Clear
54°
Clear
Hi 73° | Lo 50°

Belmont Murder Victims Recalled

Authorities stand outside a home on Sunset Drive in Belmont while investigating an undisclosed crime; Friday, May 24, 2013.
ANDREA MORALES / Monitor staff

Authorities stand outside a home on Sunset Drive in Belmont while investigating an undisclosed crime; Friday, May 24, 2013. ANDREA MORALES / Monitor staff

Belmont, n.h. — In recent months, the man whose mother and brother were hacked to death in Belmont last week has alarmed friends with incoherent and bizarre behaviors, what they saw as the latest in a decline fueled by heavy drug use.

Shawn Carter, 31, has been at the Belknap County jail since 9:30 p.m. Friday, according to an official there. Earlier that day, the police found his mother Priscilla Carter and older brother Tim Carter dead from multiple chop wounds in the home the three shared on Sunset Drive.

Officials from the state attorney general’s office say no one has been arrested in connection to the homicides.

But according to court documents, the police issued an alert warning that Shawn could be armed and dangerous shortly after the bodies were found.

He was stopped driving on Route 3 in Tilton a few hours later and arraigned yesterday on a charge of operating without a valid license.

Jeffery Strelzin, head of the attorney general’s homicide unit, has declined to comment on Shawn.

Shocked friends say 59-year-old Priscilla and her two sons moved into the lakefront rental last month after a difficult year in which all three had found themselves briefly homeless.

Longtime friend Joyce Hendrickson let Priscilla and 39-year-old Tim — who had lived with his mother most of his adult life — move into her Laconia apartment for about three months last winter.

High school friends have described Tim as exhibiting signs of depression and schizophrenia, and Hendrickson said he wanted to work but struggled during job interviews.

According to Hendrickson, Priscilla also has a daughter who lives in Meredith.

Hendrickson said the mother woke by 4 a.m. every day and worked long hours to care for her sons but still struggled to pay the bills, especially in light of Shawn’s drug habit, which was a huge financial burden.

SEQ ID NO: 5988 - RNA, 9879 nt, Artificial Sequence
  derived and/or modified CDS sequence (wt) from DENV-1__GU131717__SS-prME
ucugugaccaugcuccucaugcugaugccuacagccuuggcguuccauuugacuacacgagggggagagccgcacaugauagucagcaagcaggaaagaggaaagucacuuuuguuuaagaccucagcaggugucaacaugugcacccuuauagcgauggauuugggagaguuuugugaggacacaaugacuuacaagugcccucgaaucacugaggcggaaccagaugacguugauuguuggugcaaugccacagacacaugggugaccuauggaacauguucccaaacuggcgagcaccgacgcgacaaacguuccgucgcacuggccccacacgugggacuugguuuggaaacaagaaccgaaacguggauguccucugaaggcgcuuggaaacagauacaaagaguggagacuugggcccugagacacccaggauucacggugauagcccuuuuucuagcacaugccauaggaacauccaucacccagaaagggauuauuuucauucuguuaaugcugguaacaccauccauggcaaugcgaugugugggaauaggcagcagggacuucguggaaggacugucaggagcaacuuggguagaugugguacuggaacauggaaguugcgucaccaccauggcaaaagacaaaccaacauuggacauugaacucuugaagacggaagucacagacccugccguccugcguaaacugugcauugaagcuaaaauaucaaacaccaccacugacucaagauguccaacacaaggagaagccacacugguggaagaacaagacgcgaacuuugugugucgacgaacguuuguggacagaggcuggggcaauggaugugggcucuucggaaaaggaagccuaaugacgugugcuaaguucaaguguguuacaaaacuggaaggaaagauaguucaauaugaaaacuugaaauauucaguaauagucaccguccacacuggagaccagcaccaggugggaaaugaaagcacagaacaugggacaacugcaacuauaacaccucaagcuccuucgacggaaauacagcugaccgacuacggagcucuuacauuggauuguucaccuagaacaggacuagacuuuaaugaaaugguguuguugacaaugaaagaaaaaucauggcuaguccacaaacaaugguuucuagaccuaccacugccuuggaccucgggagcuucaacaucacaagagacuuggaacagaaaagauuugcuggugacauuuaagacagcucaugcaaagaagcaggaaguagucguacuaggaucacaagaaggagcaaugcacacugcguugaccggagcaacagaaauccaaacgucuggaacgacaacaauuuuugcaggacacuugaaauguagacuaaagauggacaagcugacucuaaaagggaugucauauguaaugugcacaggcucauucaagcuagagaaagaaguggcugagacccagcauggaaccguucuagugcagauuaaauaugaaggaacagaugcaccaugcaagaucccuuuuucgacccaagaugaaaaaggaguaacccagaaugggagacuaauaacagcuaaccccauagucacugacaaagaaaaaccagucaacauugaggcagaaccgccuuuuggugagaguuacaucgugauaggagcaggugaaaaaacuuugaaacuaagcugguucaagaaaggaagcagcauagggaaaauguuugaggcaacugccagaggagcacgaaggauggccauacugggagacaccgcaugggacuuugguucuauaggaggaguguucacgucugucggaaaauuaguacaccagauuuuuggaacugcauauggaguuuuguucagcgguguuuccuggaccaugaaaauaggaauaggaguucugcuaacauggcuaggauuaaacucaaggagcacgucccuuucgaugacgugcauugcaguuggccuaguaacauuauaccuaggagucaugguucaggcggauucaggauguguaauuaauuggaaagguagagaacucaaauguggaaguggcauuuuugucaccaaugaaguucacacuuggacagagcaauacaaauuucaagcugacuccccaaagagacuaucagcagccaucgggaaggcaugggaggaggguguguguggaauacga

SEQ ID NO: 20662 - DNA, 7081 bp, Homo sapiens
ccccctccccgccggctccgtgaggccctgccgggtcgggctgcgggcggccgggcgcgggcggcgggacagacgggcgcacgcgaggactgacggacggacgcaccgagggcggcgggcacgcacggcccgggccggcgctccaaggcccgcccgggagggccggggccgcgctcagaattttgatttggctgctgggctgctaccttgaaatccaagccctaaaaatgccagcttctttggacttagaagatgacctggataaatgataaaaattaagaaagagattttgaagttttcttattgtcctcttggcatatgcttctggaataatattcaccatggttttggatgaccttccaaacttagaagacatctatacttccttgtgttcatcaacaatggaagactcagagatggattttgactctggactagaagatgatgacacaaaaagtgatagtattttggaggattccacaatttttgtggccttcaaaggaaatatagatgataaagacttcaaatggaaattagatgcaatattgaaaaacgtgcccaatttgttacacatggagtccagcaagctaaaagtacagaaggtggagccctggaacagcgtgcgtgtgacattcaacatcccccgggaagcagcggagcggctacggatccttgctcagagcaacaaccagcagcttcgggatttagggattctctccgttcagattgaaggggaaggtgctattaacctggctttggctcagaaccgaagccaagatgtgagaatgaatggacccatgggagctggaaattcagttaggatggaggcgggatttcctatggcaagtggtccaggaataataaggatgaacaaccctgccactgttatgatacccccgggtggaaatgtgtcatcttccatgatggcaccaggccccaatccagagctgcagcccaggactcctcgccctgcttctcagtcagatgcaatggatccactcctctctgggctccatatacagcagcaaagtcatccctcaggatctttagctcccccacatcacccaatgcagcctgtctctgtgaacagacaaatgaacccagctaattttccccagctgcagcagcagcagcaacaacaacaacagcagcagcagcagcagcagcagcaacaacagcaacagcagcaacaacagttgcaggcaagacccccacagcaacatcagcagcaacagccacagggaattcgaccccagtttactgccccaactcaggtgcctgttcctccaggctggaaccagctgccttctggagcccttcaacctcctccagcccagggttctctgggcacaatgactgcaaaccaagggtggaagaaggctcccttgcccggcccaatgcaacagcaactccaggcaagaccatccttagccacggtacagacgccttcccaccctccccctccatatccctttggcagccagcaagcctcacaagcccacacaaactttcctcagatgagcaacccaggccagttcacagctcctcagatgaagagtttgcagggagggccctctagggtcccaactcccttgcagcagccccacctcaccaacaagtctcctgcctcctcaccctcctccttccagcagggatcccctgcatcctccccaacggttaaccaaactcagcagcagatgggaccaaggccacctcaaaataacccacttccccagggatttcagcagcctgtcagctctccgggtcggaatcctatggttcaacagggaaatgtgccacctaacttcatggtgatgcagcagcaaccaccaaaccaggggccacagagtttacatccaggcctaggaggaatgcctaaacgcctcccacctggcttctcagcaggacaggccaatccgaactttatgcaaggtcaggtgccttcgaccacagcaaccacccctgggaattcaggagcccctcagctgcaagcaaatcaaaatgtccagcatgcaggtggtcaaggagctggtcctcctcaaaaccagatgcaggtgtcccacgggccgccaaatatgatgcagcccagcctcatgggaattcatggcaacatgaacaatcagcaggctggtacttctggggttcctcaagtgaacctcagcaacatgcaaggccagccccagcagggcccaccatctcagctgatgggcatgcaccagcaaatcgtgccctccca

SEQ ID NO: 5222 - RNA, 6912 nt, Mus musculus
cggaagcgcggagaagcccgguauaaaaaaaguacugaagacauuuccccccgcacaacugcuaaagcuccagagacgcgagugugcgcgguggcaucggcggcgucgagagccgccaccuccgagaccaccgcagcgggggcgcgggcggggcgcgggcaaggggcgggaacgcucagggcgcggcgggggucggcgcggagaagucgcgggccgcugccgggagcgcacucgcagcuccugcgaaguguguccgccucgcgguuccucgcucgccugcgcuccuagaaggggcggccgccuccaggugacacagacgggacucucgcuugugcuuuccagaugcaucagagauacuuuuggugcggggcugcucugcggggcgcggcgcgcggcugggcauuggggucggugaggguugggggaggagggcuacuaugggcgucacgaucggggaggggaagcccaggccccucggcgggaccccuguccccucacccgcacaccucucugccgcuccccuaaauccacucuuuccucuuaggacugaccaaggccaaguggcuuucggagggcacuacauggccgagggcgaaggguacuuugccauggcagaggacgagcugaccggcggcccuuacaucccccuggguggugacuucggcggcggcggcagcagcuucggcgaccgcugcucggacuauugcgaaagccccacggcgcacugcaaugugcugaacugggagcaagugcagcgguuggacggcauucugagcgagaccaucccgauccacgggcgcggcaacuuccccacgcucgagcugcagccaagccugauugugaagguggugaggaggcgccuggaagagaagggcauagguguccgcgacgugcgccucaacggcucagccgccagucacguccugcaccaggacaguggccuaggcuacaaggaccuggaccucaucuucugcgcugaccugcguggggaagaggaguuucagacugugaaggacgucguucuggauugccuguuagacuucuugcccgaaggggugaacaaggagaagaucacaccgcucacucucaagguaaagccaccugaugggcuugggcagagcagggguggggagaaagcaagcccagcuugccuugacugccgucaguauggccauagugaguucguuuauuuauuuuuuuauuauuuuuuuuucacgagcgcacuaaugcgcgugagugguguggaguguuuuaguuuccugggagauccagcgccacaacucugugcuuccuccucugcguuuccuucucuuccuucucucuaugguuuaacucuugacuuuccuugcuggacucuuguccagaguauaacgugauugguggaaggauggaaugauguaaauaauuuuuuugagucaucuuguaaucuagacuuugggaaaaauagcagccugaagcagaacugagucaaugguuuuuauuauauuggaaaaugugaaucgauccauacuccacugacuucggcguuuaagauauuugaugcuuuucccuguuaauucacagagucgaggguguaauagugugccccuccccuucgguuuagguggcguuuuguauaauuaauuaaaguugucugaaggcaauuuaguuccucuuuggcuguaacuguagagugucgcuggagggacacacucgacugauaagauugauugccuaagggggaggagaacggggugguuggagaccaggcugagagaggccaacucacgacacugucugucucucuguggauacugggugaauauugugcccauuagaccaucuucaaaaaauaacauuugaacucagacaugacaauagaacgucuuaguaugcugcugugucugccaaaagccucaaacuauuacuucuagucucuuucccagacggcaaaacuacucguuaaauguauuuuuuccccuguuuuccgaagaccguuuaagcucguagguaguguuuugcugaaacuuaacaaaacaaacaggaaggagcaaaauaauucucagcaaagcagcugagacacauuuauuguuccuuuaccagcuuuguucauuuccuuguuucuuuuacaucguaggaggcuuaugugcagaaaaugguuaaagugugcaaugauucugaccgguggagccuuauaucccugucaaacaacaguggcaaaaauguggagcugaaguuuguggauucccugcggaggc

Several friends of the family bluntly describe Shawn as a jerk, saying he has a temper, an inflated self-confidence and a tendency toward selfishness.

“(Shawn) would borrow money, borrow money and never pay it back. Or pay back like $10 bucks out of $80 and it would set her back,” Hendrickson said. “But being the mom that she was, taking care of her boys, she would do it.”

‘It Was Bad Stuff’

A recreational drug user since a young age, Shawn’s intake became heavier and more dangerous after he was injured at work about three years ago, according to friends. They say it was a different story before the injury, when Shawn worked at a concrete plant and filled his nights with making dinner and getting his two daughters ready for bed. They are now 14 and 11, according to Hendrickson.

“At least then, I felt like here was the younger brother who was stable, and there was the older brother who was trying to find his way,” said Lionel Reed, who has known Tim since elementary school.

A friend who asked to not be named said he was shocked by the amount of pain pills Shawn was prescribed after hurting his back on the job. He got his hands on even more medications during a series of surgeries and after he was assaulted by a man who struck him in the head with a baseball bat, friends say.

The pain medications, the man said, led to other drugs. According to Hendrickson, Shawn’s daughters went to live with their mother.

“He wasn’t smoking a joint with a bunch of friends at a party,” the friend said. “It was bad stuff. And the people he was hanging out with were the bad people.”

Hendrickson said she warned Priscilla about her son’s drug use. But the mother would never turn away her children.

“She knew (about Shawn’s drug use), but she would help him because that was her baby,” she said.